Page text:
The paper, published today in Geophysical Research Letters, is based on the new generation of climate models which are used in the newly published Intergovernmental Panel on Climate Change (IPCC) Sixth Assessment Report, reviewing scientific, technical, and socio-economic information regarding climate change.
The project brought together over 60 researchers from 44 institutions to produce, for the first time, process-based community projections of the sea level rise from the ice sheets. This particular paper focusses on one aspect of the overall project which is how the new generation of climate model projections used in the current IPCC assessments differ from the early generation in their impact on the ice sheets.
Professor Tony Payne, Head of Bristol’s School of Geographical Sciences said the team were trying to establish whether the projected sea level rise from the new generation of climate models was different from the previous generation. “The new models generally predict more warming than the previous generation but we wanted to understand what this means for the ice sheets.” he said. “The increased warming of the new models results in more melt from the Greenland ice sheet and higher sea level rise by a factor of around 1.5 at 2100.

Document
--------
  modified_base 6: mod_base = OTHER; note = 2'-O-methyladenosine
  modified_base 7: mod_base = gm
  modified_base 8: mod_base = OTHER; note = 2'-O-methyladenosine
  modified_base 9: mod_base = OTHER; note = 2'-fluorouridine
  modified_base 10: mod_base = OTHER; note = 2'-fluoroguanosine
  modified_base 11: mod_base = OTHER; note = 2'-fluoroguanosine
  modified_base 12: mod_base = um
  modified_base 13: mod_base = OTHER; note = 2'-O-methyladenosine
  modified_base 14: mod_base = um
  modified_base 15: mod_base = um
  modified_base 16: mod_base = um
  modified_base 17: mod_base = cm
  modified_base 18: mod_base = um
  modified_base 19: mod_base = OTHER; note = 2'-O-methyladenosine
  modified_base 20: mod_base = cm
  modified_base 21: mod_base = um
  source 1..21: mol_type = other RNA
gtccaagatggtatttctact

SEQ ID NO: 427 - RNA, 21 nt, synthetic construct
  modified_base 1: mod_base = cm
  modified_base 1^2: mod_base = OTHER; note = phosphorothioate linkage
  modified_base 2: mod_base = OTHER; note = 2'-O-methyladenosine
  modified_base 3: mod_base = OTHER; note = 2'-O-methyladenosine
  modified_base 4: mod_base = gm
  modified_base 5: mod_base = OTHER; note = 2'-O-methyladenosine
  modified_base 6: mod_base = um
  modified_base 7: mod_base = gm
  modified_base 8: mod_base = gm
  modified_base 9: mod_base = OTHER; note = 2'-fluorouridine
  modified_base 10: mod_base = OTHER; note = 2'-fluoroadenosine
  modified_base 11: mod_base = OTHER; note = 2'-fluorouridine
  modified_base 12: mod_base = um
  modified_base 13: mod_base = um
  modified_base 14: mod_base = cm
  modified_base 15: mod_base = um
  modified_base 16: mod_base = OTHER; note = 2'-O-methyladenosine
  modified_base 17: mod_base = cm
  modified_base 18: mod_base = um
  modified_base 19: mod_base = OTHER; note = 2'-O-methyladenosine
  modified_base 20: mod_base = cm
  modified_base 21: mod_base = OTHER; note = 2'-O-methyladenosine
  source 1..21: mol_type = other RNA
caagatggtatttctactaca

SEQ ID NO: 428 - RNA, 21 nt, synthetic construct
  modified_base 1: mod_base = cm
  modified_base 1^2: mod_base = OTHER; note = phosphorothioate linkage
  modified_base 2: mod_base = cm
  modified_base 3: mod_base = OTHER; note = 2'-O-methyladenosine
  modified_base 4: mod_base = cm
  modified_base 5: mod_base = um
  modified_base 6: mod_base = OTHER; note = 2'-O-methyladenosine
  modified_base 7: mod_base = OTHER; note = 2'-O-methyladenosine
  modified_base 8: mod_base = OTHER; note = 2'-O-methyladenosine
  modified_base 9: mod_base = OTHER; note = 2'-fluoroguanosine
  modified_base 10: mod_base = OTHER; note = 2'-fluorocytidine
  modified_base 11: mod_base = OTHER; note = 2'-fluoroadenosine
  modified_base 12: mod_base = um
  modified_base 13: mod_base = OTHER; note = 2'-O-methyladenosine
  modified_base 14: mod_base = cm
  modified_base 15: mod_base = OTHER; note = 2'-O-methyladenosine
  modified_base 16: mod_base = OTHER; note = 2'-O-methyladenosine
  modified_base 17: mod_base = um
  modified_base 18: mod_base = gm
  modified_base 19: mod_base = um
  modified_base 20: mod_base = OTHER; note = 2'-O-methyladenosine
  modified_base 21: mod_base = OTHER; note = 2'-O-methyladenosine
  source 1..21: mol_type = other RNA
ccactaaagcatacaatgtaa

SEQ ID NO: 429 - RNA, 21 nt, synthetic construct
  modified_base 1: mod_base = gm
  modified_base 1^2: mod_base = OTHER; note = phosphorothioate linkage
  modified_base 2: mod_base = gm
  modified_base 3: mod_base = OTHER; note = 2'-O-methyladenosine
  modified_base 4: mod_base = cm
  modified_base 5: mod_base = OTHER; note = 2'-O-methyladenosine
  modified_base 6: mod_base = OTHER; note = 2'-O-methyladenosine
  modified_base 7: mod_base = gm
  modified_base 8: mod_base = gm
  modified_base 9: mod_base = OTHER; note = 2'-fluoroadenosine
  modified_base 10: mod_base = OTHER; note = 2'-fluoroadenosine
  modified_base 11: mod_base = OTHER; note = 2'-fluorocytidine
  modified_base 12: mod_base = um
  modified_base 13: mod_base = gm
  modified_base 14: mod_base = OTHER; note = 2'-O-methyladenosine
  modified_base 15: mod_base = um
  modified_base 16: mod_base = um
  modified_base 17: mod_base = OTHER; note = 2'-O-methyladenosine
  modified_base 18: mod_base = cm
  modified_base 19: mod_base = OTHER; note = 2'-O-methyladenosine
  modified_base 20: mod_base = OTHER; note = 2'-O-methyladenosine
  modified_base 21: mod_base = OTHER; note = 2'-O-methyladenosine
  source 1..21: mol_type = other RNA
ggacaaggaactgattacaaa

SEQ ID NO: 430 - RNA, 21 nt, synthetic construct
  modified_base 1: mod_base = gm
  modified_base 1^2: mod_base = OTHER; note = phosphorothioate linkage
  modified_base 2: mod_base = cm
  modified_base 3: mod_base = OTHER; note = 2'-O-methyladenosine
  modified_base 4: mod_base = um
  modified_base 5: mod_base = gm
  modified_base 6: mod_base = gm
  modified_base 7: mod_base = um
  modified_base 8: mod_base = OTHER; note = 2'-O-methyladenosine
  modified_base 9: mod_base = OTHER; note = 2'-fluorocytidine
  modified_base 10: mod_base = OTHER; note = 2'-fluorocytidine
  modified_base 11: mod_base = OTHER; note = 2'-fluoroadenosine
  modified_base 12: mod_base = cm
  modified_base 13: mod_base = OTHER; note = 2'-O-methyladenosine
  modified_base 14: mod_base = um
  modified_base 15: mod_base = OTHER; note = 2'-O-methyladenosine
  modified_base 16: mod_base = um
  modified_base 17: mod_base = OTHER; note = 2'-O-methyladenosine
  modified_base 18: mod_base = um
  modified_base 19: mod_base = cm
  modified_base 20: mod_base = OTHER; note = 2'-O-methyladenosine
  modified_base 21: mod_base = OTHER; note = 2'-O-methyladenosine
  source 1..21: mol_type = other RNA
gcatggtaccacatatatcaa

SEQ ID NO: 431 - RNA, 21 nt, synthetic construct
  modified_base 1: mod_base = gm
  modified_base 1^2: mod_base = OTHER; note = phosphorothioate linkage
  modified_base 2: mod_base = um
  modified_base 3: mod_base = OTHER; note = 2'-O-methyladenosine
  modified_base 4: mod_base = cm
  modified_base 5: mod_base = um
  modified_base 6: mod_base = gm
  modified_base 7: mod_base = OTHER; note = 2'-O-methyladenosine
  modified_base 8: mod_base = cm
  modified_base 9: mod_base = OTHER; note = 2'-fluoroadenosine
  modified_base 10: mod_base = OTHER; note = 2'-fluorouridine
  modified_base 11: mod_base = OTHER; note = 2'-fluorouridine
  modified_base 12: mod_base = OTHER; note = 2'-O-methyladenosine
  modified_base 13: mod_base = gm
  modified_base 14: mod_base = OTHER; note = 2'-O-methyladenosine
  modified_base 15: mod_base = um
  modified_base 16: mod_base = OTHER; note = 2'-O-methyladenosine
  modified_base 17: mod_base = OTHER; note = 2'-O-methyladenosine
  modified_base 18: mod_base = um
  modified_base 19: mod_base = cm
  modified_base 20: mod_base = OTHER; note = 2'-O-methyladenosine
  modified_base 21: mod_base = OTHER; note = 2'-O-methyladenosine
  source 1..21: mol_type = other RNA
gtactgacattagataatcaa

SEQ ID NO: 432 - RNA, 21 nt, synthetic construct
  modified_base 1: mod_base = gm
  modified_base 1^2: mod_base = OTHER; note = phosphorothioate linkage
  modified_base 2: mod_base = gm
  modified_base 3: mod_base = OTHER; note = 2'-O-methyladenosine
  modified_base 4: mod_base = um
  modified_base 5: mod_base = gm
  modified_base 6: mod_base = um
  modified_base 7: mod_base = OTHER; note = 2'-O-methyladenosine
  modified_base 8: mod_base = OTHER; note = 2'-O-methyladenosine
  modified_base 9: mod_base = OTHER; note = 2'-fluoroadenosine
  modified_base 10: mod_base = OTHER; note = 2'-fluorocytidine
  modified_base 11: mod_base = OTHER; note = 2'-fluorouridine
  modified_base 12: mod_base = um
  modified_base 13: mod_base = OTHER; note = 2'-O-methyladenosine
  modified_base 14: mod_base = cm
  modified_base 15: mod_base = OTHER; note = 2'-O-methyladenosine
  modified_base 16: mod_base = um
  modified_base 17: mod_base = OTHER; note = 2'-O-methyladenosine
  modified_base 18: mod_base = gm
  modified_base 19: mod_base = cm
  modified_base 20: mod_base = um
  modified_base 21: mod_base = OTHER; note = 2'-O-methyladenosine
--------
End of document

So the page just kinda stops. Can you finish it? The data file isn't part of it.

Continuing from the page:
“There is little change, however, in projected sea level rise from the Antarctic ice sheet. This is because increased mass loss triggered by warmer oceans is countered by mass gain by increased snowfall which is associated with the warmer Polar atmosphere.”
The recent findings suggest that society should plan for higher sea levels, and match with virtually all previous estimates of sea level rise, in that scientists expect sea levels to continue to rise well beyond 2100, most likely at an accelerating rate.
Prof Payne added: “Predicting the mass budget of the ice sheets from estimates of global warming is difficult and a great many of the processes involved require further attention.
“Discovering that warmer climates do not affect Antarctic mass budget, in particular, warrants further examination because this is based on large changes in snowfall and marine melt balancing.”
“One of the main things to take away from this, interestingly, is that the response of two ice sheets and what impact global heating has on them is different and depends heavily on their local conditions,” said Prof Payne.